2019 Ride to Defeat ALS
to Provide Plenty of Fun, Sun, and Amusements
Cyclists to Enjoy Memorable Daylong Event as The ALS Association Greater Philadelphia Chapter and Morey’s Piers and Water Parks Celebrate 20-Year Partnership in the Fight to End ALS
Cyclists of all ages will converge at Morey’s Adventure Pier in Wildwood, NJ on June 15th for the iconic Ride to Defeat ALS, a recreational spin throughout scenic Cape May County that raises awareness and funds to fight amyotrophic lateral sclerosis, more commonly known as ALS or Lou Gehrig’s disease.
This year marks a special 20-year milestone for the Ride to Defeat ALS. Since 1999, the Morey family, who own and operate Wildwood’s time-honored Morey’s Piers and Water Parks, has supported the Greater Philadelphia Chapter in its efforts to provide cyclists with a memorable and rewarding experience.
The 2019 Ride to Defeat ALS, which will begin and end at Morey’s Adventure Pier, will loop cyclists around Cape May County and pass such attractions as a WWII sunken ship, Cape May Lighthouse, and local vineyards. Families with young children can opt to ride a 10-mile loop, while more adventurous cyclists can choose a 25-, 50-, 75-, or 100-mile loop.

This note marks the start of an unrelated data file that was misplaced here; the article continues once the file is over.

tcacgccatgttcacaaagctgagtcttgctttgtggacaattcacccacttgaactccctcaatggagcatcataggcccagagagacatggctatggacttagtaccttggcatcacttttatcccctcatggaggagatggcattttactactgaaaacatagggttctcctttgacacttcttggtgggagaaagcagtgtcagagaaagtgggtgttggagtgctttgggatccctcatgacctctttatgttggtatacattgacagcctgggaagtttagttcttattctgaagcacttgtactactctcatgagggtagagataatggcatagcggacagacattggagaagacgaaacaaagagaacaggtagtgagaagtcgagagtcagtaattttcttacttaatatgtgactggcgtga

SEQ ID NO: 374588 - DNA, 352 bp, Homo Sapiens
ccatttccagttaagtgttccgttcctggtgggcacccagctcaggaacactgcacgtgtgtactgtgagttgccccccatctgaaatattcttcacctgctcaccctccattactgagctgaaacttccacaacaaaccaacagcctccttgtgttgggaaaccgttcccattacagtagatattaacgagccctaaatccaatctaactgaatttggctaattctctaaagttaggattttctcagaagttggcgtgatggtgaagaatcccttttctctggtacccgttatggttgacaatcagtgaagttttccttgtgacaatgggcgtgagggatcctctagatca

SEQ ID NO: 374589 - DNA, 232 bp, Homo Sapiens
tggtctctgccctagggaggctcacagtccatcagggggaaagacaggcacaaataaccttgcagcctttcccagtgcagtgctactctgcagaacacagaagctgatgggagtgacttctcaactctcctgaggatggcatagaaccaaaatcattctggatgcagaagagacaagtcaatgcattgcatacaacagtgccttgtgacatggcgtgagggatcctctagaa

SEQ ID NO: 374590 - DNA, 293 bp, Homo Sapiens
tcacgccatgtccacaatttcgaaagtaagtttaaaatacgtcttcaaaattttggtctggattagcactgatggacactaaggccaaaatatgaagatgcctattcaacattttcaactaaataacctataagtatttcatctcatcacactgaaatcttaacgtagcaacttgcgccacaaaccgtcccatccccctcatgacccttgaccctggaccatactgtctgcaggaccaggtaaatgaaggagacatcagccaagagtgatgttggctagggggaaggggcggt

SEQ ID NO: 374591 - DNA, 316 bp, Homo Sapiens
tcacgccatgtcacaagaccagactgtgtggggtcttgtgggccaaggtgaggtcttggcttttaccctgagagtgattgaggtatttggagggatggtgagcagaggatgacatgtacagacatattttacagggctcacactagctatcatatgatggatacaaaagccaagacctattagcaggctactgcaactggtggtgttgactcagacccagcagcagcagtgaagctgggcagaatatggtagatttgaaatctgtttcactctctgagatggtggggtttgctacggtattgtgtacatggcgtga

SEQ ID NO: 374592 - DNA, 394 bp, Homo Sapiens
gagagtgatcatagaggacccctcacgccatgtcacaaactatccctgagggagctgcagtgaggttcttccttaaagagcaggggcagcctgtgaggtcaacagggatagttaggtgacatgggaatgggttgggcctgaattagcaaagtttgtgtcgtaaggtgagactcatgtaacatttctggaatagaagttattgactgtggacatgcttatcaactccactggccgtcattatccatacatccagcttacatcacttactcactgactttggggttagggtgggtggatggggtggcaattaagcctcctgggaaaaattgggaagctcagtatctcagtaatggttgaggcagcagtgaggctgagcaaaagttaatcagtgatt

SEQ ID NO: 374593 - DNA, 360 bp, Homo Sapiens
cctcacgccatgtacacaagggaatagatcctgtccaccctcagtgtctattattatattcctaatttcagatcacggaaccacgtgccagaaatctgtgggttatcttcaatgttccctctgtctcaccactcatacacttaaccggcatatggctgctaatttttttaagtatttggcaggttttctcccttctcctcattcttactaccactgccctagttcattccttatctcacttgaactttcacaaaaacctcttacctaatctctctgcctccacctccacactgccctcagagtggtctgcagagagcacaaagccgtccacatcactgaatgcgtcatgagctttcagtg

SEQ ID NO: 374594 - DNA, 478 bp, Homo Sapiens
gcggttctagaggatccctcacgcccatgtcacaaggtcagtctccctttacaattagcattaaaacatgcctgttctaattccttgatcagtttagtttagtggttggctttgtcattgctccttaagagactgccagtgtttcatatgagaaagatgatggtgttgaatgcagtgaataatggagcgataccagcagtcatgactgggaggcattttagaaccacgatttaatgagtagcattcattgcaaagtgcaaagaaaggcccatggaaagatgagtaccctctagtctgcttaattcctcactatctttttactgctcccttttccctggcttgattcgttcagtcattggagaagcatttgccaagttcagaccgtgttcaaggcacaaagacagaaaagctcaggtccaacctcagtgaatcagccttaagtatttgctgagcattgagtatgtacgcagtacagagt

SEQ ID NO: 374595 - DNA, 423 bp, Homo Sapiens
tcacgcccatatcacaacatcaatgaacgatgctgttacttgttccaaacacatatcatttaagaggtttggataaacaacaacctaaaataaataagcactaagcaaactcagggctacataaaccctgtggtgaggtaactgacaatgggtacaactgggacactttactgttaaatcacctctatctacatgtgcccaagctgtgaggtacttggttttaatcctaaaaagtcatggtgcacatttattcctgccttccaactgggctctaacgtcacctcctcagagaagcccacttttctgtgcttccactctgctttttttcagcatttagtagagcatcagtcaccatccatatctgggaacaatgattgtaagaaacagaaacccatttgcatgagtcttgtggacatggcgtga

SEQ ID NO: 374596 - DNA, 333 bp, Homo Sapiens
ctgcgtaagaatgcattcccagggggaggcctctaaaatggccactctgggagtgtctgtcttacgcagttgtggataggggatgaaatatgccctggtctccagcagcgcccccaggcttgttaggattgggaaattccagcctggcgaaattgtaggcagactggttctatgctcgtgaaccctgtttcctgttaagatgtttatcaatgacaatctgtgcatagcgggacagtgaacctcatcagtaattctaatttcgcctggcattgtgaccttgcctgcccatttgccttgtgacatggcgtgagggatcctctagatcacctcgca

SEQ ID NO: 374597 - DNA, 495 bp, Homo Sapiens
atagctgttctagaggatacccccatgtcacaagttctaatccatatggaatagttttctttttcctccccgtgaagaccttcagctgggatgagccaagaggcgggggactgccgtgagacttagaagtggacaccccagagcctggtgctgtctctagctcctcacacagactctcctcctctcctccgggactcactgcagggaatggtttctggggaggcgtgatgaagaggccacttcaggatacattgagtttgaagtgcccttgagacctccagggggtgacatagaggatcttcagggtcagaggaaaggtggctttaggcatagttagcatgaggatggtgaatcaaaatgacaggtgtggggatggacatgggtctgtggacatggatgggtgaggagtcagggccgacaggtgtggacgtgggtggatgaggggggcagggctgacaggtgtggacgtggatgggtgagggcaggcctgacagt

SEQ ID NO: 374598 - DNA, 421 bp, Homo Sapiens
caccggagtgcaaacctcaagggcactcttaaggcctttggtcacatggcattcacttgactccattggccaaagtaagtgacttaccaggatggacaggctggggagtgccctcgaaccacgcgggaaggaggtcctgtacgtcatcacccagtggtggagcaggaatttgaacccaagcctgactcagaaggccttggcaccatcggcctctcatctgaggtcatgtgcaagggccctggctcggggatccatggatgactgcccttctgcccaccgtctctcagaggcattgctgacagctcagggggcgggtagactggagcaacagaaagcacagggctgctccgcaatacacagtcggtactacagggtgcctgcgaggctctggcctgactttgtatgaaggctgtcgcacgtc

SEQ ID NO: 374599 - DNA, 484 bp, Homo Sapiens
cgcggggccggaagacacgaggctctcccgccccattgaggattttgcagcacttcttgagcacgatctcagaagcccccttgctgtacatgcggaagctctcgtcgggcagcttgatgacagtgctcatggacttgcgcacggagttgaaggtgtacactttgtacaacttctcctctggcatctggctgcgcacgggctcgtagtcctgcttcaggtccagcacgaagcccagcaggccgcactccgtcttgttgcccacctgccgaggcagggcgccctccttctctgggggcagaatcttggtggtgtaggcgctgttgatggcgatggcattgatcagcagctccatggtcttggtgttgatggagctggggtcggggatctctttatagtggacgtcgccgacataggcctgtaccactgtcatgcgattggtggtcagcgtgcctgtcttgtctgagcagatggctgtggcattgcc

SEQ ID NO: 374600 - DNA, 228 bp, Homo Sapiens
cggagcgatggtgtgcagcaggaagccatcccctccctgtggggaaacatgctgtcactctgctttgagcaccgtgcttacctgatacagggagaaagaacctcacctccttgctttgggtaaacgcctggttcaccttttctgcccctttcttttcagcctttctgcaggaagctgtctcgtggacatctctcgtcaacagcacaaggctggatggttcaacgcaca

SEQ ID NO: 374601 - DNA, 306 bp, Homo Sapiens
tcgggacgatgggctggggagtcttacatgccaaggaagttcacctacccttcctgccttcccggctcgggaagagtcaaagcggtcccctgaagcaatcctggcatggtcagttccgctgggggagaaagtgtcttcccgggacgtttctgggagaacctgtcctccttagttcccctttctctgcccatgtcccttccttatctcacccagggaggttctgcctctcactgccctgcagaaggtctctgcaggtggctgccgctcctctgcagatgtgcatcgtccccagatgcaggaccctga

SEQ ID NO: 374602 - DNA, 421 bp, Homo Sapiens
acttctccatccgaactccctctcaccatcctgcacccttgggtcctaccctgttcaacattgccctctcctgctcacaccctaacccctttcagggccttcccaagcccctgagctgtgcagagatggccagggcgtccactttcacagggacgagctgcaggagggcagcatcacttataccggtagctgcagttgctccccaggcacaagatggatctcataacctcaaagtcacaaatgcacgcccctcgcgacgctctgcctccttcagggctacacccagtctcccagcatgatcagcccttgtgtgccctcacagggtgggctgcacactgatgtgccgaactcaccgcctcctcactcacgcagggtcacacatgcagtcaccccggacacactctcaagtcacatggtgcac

A colorful celebration hosted by Morey’s Piers will await cyclists as they break through the finish line. Festivities will include food, music, and complimentary two-day passes to Morey’s amusement piers and water parks.
Proceeds from the Ride help the Chapter continue its support of vital ALS research, care services, and advocacy. Cyclists can register in teams or as individuals HERE.
Still commonly known as Lou Gehrig’s disease, ALS, or amyotrophic lateral sclerosis, is a progressive neurodegenerative disease that affects nerve cells in the brain and spinal cord. A particularly cruel disorder, ALS destroys a person’s ability to control muscle movement. As the disease progresses it causes sever impairments in mobility, speech, swallowing, and breathing. Average life expectancy for a person with ALS is just two to five years from diagnosis. While the disease can strike anyone, studies have found that military veterans are about twice as likely to develop ALS as the general public.
About The ALS Association Greater Philadelphia Chapter
Established more than 40 years ago, the Greater Philadelphia Chapter works to support critical ALS research, fund care and services for families impacted by ALS, and promote legislation that helps to improve quality of life for people with ALS. The Chapter serves about 1,100 people each year and covers a broad service area that encompasses eastern and central Pennsylvania, southern and central New Jersey, and all of Delaware. For more information, visit alsphiladelphia.org.
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